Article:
This week in history: 50 years of occupation in Palestine
The West Bank village of Battir. | Sebastian Scheiner/AP

This week marks the 50th anniversary of the Six-Day War fought June 5-10, 1967, by Israel and the neighboring states of Egypt (known then as the United Arab Republic), Jordan, and Syria. In a swift victory, Israel seized control of the Gaza Strip and the Sinai Peninsula from Egypt, the West Bank and East Jerusalem from Jordan, and the Golan Heights from Syria, tripling the geographical area under Israeli control. On June 11, a ceasefire was signed.

Arab casualties were far heavier than those of Israel: Fewer than a thousand Israelis had been killed compared to over 20,000 from the Arab forces. Israel’s military success was attributed to the element of surprise, an innovative and well-executed battle plan, poor leadership of the Arab forces, and faulty intelligence on the Arab side.

The war produced momentous consequences, including the displacement of civilian populations: 300,000 Palestinians fled the West Bank and about 100,000 Syrians left the Golan to become refugees. Across the Arab world, Jewish minority communities were either expelled or enticed to leave, the refugees departing mostly for Israel or Europe.

Following the war, Israel experienced a wave of national euphoria. The country’s economy flourished due to an influx of tourists, new immigrants and donations, as well as the extraction of oil from the Sinai. Jews now had access to historic sites such as cemeteries and the Western Wall in the Old City of Jerusalem. In Hebron, Jews gained access to the Cave of the Patriarchs (the second most holy site in Judaism, after the Temple Mount), Rachel’s Tomb in Bethlehem and Joseph’s Tomb in Nablus.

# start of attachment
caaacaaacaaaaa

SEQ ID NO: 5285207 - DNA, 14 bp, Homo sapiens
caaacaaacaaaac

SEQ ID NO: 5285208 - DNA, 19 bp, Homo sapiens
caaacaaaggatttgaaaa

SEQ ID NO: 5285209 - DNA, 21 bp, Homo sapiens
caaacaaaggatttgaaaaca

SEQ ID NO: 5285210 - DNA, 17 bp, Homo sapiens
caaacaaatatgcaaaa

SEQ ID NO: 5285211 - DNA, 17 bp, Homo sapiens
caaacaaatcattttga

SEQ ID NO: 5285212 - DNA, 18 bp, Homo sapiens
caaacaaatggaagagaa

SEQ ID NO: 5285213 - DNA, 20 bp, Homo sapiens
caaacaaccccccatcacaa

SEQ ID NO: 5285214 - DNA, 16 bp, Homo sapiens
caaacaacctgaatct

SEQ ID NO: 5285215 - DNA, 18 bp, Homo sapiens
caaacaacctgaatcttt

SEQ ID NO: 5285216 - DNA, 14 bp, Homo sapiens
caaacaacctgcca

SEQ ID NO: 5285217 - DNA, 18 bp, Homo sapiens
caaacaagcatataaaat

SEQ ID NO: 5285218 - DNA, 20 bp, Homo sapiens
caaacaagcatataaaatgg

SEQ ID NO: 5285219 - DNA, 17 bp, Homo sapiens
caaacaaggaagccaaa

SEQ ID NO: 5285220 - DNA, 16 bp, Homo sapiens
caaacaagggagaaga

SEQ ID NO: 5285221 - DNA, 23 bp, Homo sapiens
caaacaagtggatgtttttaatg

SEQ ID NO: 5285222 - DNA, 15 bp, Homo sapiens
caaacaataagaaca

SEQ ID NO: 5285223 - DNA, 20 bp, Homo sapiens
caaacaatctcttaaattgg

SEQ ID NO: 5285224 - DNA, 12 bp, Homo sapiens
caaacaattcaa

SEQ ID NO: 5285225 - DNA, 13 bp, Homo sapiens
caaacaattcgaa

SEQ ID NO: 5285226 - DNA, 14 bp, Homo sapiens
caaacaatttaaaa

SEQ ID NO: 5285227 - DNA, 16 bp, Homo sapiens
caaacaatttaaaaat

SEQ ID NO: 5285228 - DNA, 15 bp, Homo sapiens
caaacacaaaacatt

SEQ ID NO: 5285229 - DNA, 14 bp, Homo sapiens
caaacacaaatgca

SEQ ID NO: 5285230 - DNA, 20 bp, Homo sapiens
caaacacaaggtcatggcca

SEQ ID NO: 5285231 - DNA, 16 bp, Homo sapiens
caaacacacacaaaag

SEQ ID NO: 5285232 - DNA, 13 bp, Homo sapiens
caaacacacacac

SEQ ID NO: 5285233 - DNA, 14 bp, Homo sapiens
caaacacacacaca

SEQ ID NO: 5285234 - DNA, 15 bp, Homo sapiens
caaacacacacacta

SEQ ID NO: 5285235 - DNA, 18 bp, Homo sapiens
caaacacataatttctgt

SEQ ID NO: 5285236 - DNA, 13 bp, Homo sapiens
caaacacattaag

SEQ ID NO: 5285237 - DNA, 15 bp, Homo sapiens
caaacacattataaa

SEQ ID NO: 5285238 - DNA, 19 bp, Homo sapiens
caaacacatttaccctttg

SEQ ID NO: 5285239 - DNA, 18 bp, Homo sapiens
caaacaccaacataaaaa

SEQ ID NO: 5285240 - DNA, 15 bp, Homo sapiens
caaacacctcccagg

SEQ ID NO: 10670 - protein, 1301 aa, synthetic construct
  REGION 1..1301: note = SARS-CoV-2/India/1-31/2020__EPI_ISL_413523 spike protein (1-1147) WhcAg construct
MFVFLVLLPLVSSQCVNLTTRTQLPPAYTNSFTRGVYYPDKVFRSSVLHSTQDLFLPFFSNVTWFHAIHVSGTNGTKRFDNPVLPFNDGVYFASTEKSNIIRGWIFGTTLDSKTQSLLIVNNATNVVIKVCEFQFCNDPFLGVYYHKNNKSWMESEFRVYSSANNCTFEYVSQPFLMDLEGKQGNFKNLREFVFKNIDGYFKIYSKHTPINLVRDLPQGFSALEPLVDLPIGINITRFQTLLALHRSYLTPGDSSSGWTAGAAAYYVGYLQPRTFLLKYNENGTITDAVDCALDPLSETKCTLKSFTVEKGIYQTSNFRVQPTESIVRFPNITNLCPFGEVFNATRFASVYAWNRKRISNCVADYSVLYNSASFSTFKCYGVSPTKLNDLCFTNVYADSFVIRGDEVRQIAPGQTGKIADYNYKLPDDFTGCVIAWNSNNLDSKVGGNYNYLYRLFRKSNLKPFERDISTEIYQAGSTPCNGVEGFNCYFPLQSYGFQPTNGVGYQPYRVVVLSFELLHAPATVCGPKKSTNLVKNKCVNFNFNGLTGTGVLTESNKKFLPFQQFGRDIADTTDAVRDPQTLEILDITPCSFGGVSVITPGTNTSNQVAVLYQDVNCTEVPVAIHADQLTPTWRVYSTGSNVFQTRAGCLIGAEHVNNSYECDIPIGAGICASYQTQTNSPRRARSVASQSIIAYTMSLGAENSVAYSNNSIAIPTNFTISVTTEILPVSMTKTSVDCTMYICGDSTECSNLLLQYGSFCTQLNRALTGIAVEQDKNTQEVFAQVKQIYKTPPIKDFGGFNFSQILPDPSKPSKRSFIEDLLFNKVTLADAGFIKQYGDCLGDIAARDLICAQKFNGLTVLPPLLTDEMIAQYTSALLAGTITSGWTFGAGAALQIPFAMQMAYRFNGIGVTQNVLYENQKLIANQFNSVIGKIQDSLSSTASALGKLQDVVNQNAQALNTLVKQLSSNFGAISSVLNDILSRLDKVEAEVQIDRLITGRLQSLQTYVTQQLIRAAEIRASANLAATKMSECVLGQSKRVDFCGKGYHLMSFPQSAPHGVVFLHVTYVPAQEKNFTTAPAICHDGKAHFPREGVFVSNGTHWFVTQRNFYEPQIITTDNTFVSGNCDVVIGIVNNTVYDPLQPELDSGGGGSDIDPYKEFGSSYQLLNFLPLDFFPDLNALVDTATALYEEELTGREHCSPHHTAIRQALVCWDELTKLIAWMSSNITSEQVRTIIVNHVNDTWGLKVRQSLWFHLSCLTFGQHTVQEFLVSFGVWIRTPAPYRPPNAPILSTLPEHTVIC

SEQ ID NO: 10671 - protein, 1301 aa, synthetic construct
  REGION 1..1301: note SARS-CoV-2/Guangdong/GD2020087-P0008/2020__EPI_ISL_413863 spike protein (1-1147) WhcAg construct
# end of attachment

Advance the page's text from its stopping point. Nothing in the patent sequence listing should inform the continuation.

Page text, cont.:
The war inspired the Jewish diaspora to unprecedented support for Zionism, including among Jews in the Soviet Union and other Eastern European socialist countries, where a series of antisemitic purges occurred. Over 11,000 Polish Jews left for Israel during the 1968 Polish political crisis and the following year. Many Soviet Jews subsequently applied for exit visas and began protesting for their right to emigrate to Israel. Under diplomatic pressure from the West, the USSR began granting exit visas to Jews in growing numbers. From 1970 to 1988, some 291,000 Soviet Jews emigrated, 165,000 to Israel and 126,000 to the United States.